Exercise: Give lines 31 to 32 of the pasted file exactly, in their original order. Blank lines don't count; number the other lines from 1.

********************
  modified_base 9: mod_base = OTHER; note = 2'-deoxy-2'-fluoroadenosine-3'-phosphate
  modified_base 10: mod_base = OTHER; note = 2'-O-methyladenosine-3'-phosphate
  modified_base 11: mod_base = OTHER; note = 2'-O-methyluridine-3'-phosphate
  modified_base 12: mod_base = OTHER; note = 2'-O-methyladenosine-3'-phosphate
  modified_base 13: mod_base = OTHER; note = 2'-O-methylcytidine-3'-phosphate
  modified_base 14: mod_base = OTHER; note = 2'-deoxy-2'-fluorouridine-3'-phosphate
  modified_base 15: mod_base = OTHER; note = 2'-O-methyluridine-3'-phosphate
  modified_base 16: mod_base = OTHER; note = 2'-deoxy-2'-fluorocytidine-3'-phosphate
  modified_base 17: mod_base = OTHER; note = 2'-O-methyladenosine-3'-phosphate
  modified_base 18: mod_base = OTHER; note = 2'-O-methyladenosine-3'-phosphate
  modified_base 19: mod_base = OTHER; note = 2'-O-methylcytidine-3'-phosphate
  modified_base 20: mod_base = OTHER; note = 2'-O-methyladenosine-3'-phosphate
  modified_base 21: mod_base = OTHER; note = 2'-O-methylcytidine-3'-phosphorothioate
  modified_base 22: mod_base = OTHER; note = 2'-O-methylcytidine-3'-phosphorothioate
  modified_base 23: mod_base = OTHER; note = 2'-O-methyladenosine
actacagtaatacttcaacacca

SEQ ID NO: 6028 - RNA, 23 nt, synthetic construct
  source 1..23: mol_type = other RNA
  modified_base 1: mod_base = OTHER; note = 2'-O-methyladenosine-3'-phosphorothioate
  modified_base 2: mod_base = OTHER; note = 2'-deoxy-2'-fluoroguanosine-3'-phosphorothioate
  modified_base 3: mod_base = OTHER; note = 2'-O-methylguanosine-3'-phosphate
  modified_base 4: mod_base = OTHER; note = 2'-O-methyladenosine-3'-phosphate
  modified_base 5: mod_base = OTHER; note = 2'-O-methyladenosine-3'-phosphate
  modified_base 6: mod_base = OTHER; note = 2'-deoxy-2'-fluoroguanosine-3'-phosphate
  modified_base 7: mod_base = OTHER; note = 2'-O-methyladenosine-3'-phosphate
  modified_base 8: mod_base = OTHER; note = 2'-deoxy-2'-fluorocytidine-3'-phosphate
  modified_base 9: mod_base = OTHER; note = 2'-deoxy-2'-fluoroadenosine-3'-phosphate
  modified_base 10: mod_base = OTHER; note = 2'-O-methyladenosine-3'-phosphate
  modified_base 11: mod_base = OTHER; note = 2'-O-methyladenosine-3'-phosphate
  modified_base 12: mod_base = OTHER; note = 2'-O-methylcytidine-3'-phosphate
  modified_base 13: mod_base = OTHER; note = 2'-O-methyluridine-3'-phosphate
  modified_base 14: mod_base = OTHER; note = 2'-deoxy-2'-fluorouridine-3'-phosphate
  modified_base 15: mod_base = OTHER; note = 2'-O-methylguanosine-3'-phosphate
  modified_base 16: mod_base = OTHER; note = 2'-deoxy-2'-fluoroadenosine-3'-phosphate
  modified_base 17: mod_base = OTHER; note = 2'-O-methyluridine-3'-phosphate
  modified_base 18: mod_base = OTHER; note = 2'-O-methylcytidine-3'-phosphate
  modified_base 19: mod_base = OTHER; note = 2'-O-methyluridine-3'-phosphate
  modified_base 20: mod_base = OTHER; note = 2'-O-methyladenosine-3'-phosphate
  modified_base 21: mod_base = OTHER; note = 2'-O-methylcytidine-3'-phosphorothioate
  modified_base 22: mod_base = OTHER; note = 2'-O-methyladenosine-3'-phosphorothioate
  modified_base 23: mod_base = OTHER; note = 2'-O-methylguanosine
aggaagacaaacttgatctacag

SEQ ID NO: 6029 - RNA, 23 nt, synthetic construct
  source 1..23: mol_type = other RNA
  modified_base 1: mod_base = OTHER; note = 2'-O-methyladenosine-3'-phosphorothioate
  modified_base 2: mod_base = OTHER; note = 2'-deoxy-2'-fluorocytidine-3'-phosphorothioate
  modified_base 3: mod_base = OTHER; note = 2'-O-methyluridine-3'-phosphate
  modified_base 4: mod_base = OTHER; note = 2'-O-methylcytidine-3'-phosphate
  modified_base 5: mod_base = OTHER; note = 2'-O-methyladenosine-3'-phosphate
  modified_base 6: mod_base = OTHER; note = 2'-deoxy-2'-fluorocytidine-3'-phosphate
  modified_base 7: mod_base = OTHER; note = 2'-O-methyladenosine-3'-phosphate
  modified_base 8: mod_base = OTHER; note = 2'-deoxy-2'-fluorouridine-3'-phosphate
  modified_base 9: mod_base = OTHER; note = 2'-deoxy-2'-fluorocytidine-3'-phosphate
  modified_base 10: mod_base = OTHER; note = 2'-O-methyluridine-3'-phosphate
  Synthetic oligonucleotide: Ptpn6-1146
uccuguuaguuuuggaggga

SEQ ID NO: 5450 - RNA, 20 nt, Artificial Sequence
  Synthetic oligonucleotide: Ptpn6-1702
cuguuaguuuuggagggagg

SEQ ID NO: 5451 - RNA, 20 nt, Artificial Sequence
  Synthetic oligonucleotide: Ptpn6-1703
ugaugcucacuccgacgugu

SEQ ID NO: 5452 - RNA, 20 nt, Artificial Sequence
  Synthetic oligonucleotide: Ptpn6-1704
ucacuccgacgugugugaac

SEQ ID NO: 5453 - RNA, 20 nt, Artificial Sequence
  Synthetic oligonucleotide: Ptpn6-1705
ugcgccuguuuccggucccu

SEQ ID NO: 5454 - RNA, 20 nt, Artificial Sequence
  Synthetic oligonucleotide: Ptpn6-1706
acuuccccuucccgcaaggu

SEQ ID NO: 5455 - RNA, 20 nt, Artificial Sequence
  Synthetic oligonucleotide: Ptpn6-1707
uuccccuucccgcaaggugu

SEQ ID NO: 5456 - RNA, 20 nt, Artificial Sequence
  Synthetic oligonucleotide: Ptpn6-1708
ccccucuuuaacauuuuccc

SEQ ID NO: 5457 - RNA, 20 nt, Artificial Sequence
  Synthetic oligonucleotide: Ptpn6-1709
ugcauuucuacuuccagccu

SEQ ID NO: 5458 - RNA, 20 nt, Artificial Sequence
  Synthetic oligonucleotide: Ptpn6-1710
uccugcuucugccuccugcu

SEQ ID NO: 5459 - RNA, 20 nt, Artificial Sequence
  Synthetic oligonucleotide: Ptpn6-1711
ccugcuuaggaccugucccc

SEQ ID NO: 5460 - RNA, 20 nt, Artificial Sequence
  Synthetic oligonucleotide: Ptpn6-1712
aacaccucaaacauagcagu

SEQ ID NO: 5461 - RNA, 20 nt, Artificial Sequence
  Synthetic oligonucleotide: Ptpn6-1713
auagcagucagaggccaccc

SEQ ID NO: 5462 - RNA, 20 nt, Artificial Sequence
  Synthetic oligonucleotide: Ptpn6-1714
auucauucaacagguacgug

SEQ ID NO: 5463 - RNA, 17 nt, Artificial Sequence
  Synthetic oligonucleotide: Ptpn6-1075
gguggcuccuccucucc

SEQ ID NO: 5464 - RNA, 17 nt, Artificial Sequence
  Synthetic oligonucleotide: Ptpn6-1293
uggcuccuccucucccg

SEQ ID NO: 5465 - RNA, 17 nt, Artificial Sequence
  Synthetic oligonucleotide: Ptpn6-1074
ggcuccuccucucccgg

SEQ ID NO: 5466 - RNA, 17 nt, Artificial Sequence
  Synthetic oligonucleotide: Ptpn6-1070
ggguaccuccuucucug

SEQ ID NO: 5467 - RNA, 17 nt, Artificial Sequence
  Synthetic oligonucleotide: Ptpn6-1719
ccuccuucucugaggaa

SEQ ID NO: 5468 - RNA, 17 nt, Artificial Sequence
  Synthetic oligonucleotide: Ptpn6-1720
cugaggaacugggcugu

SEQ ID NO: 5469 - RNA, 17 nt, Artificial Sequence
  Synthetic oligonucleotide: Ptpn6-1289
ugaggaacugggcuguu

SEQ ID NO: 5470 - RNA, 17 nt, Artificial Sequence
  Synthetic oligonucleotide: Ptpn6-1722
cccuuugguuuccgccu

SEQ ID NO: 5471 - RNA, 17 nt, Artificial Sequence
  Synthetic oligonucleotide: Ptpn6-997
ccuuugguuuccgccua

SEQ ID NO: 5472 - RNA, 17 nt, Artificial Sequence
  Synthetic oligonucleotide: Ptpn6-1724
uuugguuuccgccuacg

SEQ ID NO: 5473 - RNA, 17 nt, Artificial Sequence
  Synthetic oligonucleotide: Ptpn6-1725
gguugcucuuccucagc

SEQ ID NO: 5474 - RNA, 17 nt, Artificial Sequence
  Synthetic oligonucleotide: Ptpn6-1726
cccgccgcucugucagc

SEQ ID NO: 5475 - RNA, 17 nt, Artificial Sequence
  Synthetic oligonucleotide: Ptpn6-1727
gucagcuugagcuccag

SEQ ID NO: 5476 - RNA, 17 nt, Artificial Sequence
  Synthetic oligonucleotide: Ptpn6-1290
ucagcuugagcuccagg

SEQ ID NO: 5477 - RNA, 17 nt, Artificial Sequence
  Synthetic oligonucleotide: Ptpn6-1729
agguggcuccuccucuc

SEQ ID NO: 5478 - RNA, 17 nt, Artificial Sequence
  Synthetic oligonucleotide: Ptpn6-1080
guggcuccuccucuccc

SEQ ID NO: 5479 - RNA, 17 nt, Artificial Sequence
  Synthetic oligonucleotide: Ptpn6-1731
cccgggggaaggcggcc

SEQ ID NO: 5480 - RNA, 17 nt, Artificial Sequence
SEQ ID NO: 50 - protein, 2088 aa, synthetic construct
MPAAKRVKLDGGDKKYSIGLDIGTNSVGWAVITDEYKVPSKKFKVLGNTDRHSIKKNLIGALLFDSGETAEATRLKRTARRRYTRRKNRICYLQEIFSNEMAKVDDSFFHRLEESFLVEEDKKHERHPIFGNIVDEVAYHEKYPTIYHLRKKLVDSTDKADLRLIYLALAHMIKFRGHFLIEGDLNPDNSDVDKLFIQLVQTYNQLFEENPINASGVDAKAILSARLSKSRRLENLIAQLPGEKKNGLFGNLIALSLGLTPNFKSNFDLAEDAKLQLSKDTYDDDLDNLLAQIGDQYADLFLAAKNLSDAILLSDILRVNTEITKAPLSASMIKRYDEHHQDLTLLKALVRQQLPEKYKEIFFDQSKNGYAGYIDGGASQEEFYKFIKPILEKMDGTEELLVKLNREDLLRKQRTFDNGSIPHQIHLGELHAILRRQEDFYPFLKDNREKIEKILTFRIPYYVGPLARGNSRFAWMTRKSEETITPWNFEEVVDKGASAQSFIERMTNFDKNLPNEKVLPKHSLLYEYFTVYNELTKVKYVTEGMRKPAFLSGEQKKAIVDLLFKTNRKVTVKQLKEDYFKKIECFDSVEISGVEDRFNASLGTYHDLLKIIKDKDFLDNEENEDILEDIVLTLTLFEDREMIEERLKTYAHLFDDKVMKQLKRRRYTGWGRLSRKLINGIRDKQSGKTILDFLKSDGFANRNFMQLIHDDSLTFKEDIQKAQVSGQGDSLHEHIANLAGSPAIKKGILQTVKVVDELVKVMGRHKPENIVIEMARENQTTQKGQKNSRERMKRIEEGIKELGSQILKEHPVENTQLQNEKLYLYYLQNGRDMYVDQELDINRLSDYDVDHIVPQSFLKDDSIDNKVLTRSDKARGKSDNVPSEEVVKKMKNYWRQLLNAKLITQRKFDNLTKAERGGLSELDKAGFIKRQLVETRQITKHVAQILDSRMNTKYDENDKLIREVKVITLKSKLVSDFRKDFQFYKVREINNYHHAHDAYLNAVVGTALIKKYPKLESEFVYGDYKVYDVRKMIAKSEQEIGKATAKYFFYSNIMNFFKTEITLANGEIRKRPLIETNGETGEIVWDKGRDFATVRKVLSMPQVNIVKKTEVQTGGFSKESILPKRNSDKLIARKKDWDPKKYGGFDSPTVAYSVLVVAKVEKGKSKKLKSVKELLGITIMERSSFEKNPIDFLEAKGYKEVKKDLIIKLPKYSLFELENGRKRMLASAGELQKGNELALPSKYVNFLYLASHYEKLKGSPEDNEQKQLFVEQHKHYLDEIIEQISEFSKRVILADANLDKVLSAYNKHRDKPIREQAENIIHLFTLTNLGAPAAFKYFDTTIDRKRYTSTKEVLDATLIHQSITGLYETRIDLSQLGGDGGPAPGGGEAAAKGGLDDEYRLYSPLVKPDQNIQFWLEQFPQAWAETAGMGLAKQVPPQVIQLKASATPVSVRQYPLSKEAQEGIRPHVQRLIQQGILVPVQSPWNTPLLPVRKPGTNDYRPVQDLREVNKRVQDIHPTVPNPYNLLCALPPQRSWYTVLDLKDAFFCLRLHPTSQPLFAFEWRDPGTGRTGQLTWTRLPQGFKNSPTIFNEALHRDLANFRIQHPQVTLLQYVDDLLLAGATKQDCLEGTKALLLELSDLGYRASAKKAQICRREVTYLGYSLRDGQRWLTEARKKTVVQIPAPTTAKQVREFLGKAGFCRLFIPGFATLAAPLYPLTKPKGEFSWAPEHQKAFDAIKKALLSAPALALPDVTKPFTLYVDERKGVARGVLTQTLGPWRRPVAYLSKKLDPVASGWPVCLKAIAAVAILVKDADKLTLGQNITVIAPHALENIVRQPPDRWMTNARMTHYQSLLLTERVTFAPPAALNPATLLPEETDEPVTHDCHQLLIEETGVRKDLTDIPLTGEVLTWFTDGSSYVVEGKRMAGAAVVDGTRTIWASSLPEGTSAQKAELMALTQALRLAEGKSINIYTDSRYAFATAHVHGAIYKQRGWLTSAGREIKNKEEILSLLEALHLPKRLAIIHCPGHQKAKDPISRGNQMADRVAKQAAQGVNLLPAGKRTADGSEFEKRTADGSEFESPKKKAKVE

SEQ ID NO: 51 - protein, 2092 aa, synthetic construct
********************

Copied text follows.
  modified_base 13: mod_base = OTHER; note = 2'-O-methyluridine-3'-phosphate
  modified_base 14: mod_base = OTHER; note = 2'-deoxy-2'-fluorouridine-3'-phosphate